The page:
What I do is have them hand in homework, sharpen pencils etc. Then they sit right in their seats and at least begin seatwork. Seatwork is just math review, editing sentences, taking out their sight word index cards and practicing with a friend etc. Something meaningful. Then after announcements, we gather on the carpet for Morning Meeting. Morning Meeting allows them that time to share ideas, get all their wiggles out, talk about diff. things etc. We do alot of math during MM but it's also a time to share something. And I also do shared reading or interactive writing during MM so most kids get a chance to move around and just say something. So I like the routine I have. It works for me.:p
     
  10. Miss Jana

    Miss Jana Rookie

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    Feb 22, 2007

    Thank you everyone for responding to this post! I love hearing all about how you each start your mornings... I am gathering LOTS of great information! I'm very nervous about having my own classroom, and I'm sure the first year I'll make every mistake under the sun...but it's so nice to get such a wealth of information BEFORE I take on my class. I love this site and all the great info on it! :)
     
  11. Aliceacc

    Aliceacc Multitudinous

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    Feb 22, 2007

    Isn't it great?? I have no advice for you, but I love reading what other teachers are doing, and I've learned quite a lot here as well! And I've been doing this since the dawn of time :)
     
  12. MrsM1

    MrsM1 Rookie

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    Feb 28, 2007

    I also wanted to have the free time for student's to talk & socialize before announcements came on, but for some of my students this wasn't working. Our principal aslo wanted the student's to do morning work, she thought the kids were "wasting time". I started to have a morning journal where student's free write/continue writing after I give them a prompt. This gets them writing...although I feel like the time given for journal writing is sometimes not enough. I am also a new teacher (1st gd) and have found this site to be very helpful. I find a lot of great ideas here!!! And believe me, you will want to do so many things with your own classroom-but until you get your students that's when you know what works and what doesn't. Good Luck!!!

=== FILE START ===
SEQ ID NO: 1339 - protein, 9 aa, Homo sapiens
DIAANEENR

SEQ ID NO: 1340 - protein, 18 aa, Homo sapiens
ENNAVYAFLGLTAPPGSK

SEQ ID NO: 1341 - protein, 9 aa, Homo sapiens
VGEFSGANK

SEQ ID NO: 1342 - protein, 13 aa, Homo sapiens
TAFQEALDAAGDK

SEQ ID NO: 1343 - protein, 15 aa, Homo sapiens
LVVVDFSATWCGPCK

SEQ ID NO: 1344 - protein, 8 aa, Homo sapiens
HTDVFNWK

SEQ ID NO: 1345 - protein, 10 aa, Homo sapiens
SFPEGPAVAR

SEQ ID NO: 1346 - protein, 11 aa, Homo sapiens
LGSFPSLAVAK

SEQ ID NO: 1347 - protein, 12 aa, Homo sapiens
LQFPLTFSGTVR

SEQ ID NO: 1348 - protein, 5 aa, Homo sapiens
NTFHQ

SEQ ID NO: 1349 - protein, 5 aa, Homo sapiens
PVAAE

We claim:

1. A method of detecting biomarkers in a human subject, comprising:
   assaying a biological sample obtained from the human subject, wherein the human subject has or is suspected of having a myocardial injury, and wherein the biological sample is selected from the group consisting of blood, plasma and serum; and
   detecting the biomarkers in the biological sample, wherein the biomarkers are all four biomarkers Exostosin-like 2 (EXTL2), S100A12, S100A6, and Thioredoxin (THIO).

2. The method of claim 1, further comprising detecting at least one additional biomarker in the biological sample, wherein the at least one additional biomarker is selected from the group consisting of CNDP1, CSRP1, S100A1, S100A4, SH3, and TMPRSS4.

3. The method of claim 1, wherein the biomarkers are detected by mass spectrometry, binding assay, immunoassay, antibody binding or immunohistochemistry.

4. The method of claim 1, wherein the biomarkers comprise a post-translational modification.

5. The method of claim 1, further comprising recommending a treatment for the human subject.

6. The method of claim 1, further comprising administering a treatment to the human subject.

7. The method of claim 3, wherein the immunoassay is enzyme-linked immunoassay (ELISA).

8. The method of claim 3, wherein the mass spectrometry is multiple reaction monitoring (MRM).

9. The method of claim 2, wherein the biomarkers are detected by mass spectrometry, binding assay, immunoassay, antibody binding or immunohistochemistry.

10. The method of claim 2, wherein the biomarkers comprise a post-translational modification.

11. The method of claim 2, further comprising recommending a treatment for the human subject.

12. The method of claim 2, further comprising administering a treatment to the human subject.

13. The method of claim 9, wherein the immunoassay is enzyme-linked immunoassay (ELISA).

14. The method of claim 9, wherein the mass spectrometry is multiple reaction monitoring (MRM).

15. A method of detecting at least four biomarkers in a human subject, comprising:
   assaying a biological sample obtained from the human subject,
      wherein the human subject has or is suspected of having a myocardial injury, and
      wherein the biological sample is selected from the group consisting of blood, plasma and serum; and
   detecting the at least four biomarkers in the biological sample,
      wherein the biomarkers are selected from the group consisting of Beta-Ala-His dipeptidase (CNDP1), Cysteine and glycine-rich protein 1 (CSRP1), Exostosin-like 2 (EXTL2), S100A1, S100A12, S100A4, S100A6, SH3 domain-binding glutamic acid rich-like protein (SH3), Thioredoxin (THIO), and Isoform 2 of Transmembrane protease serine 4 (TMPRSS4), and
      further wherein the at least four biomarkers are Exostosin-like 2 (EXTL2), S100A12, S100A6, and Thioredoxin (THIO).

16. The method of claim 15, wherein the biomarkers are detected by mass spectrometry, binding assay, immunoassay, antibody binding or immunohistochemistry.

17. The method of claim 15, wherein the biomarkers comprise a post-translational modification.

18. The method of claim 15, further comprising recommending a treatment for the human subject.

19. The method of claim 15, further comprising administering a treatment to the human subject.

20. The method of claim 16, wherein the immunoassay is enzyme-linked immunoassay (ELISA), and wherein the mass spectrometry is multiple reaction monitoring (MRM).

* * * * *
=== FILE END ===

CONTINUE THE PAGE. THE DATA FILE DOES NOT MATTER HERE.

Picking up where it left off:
13. cutNglue

    cutNglue Magnifico

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    Feb 28, 2007

    I wouldn't, for us, start with going to the bathroom, etc. Most kids don't need to go yet and they use it as more social time. If they come in, sign their attendance book (excuse to practice writing their name) and then sit down and get ready, then we avoid 15 min of exaggerated bathroom time for the many who really didn't need to go. If someone does, we train them from the beginning to ask during this time.

    We, however, do start with circle time and reading the board. It's work but usually their is a "social" kind of question. They also are prompted, after reading it, to do their classroom jobs.